Boxer braids? Done. I’ve been doing my own braids since I was an ’80s/90s kid when my mom told me she didn’t know how to do French braids. Like a young #ladyboss before her time, I would lie on my stomach, watching afterschool specials (a.k.a. teen dramas, pre-The OC), perfecting my plaits for school. (So rad with my tennis sweater and Tretorn sneaks.) To get a basic boxer braid look, I just do two French braids (like in the image below on the right).
I normally reserve braids for day-two hair. But for these boxer braid pics, my hair was freshly washed because I didn’t want it to fall flat. I still used dry shampoo to give my locks a bit of grit (helps the braids stick). I like Cake Beauty Satin Sugar Volumizing Dry Shampoo for a few reasons: 1. It blends well, without leaving a white, powdery residue; 2. The sweet scent doesn’t conflict with my shampoo or perfume fragrances; and 3. And I love that it’s a Canadian brand. You can also use a flexible hairspray. Just make sure you brush it through. To my grooming tool belt, I added The Knot Dr. The Pro The Hybrid Detangler, because, well, obvs, it detangles. These are must-haves when doing boxer braids like mine, or even cornrows (like all the Kardashians are sporting lately) to reverse braids (above left).
After that, follow these steps:
- Part your hair into two sections, from the middle of the forehead down to the nape of the neck. Secure the right side into a ponytail. This will help you keep your part straight and ensure you don’t blindly grab hair from the wrong side.
- Brush the hair on the left side until there isn’t even a hint of a snag or a knot. Since both your hands will be busy holding one section, you don’t want to have to grab a comb or brush to section more hair.
- Now for the side you’re going to braid:
- Take about a one-inch section at the hairline with your right hand and divide it into three with two fingers of your left hand. Pull the centre section over to the left as if you’re crossing your fingers for good luck. Your right hand will hold the other two sections – the far right piece, closest to the part, is held by your pinky, and the now centre piece is held by your right two fingers.
- Cross over the right section into the centre, swapping your hand positions, so that your left hand now holds one section and your right holds two (looped in the pinky and between two fingers).
- Drop the left section in your pinky and hold onto the centre piece with your left fingers. I know it feels strange to let go of a piece, but you’ll be okay, and so will your hair. Promise. Pinky swear.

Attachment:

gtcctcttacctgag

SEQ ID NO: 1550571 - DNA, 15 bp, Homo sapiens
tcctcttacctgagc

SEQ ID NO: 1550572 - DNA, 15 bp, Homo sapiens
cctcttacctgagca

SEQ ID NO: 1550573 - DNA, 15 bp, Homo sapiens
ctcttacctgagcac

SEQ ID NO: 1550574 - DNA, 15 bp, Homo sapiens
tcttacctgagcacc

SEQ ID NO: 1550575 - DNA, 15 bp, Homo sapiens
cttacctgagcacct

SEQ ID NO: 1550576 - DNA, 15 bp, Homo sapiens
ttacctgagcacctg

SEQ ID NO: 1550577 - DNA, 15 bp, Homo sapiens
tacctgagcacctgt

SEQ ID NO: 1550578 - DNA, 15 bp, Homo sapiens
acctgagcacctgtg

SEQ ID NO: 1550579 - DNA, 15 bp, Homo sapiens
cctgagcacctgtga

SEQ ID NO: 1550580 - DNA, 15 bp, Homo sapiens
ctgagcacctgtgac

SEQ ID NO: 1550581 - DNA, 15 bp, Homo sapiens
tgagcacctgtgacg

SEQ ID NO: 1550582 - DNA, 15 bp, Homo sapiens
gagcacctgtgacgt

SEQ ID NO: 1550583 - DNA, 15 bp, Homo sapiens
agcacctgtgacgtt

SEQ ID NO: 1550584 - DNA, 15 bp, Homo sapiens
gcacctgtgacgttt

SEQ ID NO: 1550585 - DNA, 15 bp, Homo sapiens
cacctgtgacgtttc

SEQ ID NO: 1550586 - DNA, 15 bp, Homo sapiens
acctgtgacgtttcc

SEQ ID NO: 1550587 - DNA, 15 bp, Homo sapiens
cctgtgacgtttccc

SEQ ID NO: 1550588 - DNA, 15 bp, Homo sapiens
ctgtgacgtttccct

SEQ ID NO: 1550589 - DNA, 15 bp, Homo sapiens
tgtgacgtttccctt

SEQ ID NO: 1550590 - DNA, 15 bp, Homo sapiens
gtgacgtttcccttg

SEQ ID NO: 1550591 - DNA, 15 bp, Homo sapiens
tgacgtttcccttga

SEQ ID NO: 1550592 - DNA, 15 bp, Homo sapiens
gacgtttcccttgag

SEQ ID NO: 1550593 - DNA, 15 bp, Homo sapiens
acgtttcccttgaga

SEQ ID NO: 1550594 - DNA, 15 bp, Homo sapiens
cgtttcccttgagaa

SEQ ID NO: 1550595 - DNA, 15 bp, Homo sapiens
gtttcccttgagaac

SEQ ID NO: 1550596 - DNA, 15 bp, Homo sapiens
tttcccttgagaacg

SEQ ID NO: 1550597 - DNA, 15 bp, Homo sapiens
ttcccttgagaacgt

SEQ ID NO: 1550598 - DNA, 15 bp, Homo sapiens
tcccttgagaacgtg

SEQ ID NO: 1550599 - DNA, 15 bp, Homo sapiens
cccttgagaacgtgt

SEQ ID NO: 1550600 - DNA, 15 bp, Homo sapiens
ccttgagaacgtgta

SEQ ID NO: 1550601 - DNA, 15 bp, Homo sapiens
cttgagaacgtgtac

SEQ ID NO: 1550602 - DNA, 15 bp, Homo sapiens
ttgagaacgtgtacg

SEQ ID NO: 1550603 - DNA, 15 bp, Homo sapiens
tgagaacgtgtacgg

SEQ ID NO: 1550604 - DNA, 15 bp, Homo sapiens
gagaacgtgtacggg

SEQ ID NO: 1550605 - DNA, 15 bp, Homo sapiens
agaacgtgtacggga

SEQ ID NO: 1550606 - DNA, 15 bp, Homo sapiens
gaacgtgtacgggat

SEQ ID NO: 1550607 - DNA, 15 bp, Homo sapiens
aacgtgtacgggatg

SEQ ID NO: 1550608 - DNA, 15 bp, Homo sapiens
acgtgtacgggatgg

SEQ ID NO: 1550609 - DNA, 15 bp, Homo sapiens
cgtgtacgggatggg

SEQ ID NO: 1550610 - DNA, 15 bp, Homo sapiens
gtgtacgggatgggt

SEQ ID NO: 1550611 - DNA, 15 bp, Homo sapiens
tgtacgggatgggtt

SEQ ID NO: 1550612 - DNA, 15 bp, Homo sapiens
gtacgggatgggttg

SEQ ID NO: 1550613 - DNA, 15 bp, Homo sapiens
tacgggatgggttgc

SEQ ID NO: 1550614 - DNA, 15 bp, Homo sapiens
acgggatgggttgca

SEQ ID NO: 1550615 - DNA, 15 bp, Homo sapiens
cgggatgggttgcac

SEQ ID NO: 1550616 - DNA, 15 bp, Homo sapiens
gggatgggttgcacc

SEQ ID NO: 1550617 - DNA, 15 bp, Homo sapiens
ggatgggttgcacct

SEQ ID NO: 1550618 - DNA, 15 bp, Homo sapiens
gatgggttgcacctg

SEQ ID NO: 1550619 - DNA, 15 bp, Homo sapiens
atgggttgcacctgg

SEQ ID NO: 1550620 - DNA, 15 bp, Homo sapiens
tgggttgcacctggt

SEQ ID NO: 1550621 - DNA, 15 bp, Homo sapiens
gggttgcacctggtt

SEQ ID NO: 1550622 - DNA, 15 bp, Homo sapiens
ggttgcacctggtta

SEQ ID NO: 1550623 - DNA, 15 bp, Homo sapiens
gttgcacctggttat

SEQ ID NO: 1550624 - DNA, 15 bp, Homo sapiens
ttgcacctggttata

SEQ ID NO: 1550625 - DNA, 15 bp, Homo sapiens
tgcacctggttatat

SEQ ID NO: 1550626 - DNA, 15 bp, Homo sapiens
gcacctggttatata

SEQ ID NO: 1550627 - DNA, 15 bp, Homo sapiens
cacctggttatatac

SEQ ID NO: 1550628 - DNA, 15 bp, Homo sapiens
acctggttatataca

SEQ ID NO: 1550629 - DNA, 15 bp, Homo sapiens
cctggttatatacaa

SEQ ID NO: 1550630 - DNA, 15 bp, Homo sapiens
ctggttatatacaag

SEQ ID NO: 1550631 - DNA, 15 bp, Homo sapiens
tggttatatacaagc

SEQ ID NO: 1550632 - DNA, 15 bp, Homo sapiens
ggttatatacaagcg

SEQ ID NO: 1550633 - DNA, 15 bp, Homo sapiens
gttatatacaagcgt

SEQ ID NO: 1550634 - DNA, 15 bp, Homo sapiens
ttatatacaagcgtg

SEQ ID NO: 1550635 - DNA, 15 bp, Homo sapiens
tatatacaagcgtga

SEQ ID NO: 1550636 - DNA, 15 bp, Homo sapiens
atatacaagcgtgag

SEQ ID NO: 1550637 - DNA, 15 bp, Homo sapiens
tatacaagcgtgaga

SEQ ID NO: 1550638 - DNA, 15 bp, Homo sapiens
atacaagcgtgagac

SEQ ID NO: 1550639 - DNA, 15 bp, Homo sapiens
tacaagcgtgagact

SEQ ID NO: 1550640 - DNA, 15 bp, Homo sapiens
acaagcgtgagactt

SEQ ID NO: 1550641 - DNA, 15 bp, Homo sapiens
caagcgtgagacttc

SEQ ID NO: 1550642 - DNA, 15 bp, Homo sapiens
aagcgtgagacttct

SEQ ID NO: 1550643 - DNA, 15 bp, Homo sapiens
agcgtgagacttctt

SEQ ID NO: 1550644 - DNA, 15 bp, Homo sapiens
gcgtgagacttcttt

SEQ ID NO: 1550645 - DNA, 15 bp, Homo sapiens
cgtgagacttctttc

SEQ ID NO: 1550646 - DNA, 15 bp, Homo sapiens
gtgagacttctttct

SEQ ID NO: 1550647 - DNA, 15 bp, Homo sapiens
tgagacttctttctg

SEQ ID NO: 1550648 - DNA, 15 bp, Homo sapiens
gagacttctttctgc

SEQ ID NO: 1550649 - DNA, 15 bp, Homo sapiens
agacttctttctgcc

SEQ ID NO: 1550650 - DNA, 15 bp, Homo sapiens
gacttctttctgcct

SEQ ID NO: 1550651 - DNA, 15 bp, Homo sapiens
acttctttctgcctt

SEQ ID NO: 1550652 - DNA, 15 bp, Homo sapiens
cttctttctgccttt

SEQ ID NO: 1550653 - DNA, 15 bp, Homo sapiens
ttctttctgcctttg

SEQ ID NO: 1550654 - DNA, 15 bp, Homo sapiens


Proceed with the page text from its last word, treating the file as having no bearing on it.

- It’s time to add hair from the side. That piece you briefly let go comes into play here.
- Take your left pointer finger and bring it to the hairline, so that it is inline with where you just left your braid. Use your well-manicured nail to create a part up until you reach the dropped part of your braid. You’ll feel it because your hair will feel more dense when you reach it.
- Drop the centre piece, and grab onto the new piece (new as in you just added hair to the section) with your right hand.
- Pull the centre with your left hand ensuring the braid is taut.
- Onto the other side.
- Drop the right piece, and loop your pinky finger of your left hand around the left piece. Grab the centre piece with your left two fingers (fingers crossed again).
- Go to the centre part in the back of your head, and using your right just-as-well-manicured pointer finger, create a part to gather hair until you reach the dropped piece.
- Drop the centre piece and hold it with your fingers of your left hand. Tightly pull the centre piece over to the right with your right hand, between your fingers, and move the right piece over to your pinky.
- Now that you’ve added hair from both sides, repeat steps 5 and 6, until you run out hair to pull from the sides. Braid the remainder of the hair into a braid and secure with a hair band. I like to double or triple up. I stole this styling trick from a 2013 Balmain runway look.
- Now just do the same thing to the other side, going from steps 2 through 6. Just remember to remember to remove the elastic before you start.
As far as boxer braid looks go, this is pretty basic. And it’s a good place to start, if you’re doing your own gym hair. The trick to perfecting this is to seamlessly move your hair between your hands. And that takes practice. So, stay tuned. I’m aiming to make my gym hair next level with reverse and cornrow braiding instead of these simple plaits. I just need some Netflix time and some space on my living room floor.
Cake Beauty Satin Sugar Volumizing Dry Shampoo
Cake Beauty Satin Sugar Volumizing Dry Shampoo